The Northwest is full; go away.  :biggrin:

Those of us (natives) in the real northeast have a similar feeling. Must be because of the sparse landscape.

Our attitude is - spend your money and leave. :biggrin:

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tighe, you stole my bowtie joke, which was going to be, "Take that bowtie off, buddy, because I'd never hit a man with a bowtie."

Would you smack him if he still had his glasses on, but no bowtie?? I'm not sure I could bring myself to deck someone who is such a pansy.

(Note: Don't get me wrong, I actually think his mag is good and has a lot of useful info, but Chris just drives me nuts sometimes.)

Having gone to school in Boston, I will say that his attitude is pretty typical of those who consider themselves New England "natives".


Most women don't seem to know how much flour to use so it gets so thick you have to chop it off the plate with a knife and it tastes like wallpaper paste....Just why cream sauce is bitched up so often is an all-time mytery to me, because it's so easy to make and can be used as the basis for such a variety of really delicious food.

- Victor Bergeron, Trader Vic's Book of Food & Drink, 1946

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Somehow, I just don't think many PNW folks are aching for boiled cod and baked beans. I could be wrong, but I doubt it...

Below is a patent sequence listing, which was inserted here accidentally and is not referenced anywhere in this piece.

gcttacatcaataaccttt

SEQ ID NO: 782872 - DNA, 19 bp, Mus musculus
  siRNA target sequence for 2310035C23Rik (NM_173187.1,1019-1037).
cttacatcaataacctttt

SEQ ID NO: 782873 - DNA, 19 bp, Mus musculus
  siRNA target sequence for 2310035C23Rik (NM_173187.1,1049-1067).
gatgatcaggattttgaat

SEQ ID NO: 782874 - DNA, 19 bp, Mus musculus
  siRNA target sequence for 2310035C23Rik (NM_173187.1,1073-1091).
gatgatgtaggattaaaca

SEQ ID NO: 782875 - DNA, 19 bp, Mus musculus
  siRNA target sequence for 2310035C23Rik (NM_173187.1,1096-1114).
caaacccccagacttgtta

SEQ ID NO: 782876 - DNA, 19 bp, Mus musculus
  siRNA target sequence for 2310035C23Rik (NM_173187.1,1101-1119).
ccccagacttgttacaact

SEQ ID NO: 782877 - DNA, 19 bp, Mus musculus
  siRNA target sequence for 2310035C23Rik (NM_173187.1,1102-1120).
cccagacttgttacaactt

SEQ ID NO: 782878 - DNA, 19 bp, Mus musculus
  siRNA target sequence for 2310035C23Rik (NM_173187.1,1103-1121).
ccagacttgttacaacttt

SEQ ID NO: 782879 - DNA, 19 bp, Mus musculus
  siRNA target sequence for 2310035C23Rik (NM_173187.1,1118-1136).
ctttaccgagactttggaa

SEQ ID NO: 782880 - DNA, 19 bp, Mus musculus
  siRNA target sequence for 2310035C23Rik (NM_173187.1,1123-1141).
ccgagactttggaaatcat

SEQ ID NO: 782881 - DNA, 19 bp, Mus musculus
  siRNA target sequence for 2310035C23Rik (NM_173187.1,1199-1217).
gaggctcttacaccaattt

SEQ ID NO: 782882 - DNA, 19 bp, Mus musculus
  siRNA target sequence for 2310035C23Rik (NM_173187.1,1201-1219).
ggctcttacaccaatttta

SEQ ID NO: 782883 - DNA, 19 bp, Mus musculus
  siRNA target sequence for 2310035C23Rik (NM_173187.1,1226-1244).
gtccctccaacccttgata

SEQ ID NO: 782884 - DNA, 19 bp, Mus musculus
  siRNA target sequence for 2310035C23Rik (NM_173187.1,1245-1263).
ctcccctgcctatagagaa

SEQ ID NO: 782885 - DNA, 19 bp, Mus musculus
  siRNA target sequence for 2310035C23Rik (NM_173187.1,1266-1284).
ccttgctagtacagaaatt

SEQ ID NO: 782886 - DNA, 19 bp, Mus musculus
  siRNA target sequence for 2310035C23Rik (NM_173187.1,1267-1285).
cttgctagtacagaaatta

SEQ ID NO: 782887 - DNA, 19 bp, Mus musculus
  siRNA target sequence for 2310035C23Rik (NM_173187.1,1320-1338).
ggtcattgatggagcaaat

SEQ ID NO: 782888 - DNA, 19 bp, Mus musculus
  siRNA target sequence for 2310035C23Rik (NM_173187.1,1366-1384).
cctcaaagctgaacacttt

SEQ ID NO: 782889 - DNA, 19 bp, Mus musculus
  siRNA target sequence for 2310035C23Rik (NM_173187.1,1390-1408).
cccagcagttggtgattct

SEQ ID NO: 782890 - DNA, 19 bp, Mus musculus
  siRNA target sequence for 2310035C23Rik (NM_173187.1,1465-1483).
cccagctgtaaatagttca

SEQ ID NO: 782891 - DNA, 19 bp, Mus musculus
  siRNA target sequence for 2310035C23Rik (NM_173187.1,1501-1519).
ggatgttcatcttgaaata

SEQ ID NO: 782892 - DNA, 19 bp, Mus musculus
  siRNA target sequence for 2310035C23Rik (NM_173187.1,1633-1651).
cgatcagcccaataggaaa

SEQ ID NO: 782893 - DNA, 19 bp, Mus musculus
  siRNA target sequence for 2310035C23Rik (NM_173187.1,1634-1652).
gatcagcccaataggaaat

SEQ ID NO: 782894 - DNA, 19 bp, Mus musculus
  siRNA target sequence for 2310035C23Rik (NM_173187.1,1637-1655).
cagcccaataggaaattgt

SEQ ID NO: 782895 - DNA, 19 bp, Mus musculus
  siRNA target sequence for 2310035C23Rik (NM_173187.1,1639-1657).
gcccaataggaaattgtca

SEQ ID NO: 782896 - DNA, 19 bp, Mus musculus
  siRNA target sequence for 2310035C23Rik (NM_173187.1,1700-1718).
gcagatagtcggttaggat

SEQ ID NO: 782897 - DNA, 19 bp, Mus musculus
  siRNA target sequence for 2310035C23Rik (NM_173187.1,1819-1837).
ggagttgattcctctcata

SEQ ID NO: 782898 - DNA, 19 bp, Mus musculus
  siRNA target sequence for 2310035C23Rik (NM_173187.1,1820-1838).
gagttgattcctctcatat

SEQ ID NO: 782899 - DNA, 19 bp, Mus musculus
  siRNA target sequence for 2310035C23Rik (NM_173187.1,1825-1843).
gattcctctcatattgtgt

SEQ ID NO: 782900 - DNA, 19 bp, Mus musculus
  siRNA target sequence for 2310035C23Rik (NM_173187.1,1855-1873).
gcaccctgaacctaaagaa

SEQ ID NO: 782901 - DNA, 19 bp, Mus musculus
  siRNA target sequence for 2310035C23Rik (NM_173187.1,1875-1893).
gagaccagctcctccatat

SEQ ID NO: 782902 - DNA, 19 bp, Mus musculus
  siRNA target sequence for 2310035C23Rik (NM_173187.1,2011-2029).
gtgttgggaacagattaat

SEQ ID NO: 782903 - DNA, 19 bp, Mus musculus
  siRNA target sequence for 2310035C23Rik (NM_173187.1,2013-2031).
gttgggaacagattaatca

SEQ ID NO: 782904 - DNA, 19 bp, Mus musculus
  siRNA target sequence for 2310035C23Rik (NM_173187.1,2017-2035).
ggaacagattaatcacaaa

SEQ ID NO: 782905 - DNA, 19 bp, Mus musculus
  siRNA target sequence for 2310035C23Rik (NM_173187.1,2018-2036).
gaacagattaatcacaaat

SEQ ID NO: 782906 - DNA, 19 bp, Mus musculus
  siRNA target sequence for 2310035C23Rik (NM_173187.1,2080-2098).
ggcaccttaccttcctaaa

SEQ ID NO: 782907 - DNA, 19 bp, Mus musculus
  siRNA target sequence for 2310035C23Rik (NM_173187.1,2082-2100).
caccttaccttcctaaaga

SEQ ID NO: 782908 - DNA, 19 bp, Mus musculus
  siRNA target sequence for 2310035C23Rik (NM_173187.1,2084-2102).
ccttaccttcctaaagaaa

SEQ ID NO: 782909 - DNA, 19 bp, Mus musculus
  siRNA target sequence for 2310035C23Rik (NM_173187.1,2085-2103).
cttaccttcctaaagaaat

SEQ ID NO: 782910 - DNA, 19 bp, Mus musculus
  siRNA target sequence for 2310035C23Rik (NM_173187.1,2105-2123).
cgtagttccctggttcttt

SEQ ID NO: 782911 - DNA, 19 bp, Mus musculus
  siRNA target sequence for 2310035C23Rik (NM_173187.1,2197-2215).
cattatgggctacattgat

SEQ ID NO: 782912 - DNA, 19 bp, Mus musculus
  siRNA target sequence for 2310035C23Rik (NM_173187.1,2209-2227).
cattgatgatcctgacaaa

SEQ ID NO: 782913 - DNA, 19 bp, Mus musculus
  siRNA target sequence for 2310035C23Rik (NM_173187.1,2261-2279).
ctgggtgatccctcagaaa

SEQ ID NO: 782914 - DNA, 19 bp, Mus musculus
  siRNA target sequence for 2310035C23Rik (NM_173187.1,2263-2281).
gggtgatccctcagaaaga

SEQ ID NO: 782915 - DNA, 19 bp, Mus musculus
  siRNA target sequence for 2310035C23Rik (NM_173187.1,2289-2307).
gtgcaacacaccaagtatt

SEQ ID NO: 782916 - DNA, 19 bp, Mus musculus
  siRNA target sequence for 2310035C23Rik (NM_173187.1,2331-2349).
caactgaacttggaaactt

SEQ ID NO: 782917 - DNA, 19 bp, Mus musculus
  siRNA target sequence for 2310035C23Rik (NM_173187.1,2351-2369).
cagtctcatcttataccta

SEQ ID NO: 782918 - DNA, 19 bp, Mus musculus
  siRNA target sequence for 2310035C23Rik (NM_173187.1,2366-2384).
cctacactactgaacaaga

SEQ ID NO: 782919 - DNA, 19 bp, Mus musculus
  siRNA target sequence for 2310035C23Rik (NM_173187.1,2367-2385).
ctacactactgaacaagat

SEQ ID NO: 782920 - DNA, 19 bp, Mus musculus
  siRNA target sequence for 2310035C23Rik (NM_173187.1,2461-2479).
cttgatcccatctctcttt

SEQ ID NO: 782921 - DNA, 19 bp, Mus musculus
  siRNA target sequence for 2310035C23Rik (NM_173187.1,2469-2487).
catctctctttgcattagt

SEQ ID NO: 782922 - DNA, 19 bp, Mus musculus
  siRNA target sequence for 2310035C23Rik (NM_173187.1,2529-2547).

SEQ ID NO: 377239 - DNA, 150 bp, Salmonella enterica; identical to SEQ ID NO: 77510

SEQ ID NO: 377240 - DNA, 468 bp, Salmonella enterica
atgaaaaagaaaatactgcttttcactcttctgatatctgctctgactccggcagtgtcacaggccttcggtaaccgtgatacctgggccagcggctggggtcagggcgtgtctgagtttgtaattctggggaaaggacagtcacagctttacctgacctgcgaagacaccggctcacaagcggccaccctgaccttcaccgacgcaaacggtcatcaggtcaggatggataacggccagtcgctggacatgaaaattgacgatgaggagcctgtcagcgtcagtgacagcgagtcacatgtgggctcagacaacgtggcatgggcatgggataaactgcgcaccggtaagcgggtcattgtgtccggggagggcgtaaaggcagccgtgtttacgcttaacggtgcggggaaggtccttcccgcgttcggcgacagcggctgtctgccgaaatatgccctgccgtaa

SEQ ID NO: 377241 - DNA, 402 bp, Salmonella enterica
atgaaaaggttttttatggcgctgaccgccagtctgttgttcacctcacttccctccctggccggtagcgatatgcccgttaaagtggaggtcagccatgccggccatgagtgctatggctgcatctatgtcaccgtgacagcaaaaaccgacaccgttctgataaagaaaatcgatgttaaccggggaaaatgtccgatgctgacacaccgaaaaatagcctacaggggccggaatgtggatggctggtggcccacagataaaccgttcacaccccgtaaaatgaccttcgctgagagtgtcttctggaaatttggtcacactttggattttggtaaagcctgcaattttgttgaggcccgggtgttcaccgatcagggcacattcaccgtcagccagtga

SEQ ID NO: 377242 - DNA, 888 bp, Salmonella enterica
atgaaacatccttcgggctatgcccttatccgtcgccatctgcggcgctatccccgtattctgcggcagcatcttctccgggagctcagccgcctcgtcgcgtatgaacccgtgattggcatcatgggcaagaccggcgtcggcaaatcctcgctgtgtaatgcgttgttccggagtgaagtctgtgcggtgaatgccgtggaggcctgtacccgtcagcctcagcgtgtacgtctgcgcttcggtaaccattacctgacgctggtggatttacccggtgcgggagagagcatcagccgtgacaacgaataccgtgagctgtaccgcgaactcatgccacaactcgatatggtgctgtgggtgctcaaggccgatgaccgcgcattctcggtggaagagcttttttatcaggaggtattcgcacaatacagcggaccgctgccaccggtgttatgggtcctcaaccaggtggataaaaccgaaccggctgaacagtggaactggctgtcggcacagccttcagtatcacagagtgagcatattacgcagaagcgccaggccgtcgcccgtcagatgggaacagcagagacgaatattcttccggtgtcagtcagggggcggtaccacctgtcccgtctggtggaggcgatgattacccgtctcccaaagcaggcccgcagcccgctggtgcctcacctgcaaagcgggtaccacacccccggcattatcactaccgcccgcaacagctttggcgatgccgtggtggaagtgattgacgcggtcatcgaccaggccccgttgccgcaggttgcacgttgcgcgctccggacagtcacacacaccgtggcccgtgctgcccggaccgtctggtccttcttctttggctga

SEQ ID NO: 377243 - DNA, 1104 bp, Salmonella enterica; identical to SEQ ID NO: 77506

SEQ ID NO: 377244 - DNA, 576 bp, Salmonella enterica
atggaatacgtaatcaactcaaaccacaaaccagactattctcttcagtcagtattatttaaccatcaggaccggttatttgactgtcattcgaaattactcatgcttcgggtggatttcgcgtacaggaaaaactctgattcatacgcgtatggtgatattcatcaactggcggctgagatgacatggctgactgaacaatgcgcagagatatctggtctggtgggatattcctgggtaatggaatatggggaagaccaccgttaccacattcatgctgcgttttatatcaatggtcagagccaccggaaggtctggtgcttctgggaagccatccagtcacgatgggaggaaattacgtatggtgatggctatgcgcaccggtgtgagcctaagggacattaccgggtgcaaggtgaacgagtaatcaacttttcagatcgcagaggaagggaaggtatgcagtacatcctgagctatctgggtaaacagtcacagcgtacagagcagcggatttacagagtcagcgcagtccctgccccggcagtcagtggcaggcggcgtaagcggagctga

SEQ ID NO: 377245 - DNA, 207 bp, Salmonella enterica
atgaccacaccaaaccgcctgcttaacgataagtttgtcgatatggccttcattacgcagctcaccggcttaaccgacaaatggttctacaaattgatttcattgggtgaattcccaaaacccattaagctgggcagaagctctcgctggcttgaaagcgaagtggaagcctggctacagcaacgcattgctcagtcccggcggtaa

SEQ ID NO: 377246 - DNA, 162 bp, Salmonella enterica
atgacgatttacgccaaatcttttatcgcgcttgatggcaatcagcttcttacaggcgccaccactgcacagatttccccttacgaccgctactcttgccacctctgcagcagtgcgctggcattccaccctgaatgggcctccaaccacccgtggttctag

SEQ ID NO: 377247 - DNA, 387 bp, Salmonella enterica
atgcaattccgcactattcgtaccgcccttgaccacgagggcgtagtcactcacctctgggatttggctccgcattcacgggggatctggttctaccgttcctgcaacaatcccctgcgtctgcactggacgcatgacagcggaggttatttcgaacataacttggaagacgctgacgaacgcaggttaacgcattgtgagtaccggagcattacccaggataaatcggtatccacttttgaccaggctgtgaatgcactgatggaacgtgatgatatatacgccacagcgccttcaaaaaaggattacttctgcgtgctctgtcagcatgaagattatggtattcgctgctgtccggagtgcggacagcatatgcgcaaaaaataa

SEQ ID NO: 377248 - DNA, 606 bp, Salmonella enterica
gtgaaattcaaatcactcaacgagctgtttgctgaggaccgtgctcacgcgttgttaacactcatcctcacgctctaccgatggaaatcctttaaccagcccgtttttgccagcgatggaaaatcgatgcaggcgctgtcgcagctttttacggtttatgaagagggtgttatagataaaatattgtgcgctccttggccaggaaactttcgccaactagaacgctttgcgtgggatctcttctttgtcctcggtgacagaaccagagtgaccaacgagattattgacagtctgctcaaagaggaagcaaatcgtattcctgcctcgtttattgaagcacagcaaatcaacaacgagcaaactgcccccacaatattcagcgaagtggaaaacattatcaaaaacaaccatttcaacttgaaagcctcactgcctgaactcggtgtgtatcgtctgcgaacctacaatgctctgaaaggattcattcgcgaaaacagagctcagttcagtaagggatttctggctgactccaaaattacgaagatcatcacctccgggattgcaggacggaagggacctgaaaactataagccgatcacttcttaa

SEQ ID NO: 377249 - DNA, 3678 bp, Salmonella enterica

Odd that you should mention that. Coincidence or conspiracy on their part? The very same issue has a recipe for...

(Wait for it...)

Boston Baked Beans.

I've eaten lotus too - roots and seeds. ISTR that both were canned, and not particularly impressive, but slices of lotus root look pretty cool; sort of like an edible doily.

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tighe, you stole my bowtie joke, which was going to be, "Take that bowtie off, buddy, because I'd never hit a man with a bowtie."

(Note: Don't get me wrong, I actually think his mag is good and has a lot of useful info, but Chris just drives me nuts sometimes.)

We subscribe to "Cooks" and find that there are a couple of good nuggets an issue. But, oh my. Mr. Kimball's writing style!

Tighe: If Chris drives you nuts on the page, don't be in our kitchen when my husband is preparing dinner and giving commentary (deliberately) in the style of Chris, or more accurately perhaps, "Cook's." "We tested 43 kinds of waxed paper and found..." Etc. It's hilarious for about three minutes, but after that I'm begging for mercy.

And don't push that "pansy" thing. I remeber a recent editorial of Kimball's extolling the joys of getting out the trusty rifle and going hunting. :biggrin:


Margaret McArthur

"Take it easy, but take it."

Studs Terkel

1912-2008

A sensational tennis blog from freakyfrites

margaretmcarthur.com

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New England culinary tradition?

Somehow, I just don't think many PNW folks are aching for boiled cod and baked beans. I could be wrong, but I doubt it...

I am waiting for someone to offer a good lobster roll - or at least a shrimp or crab version.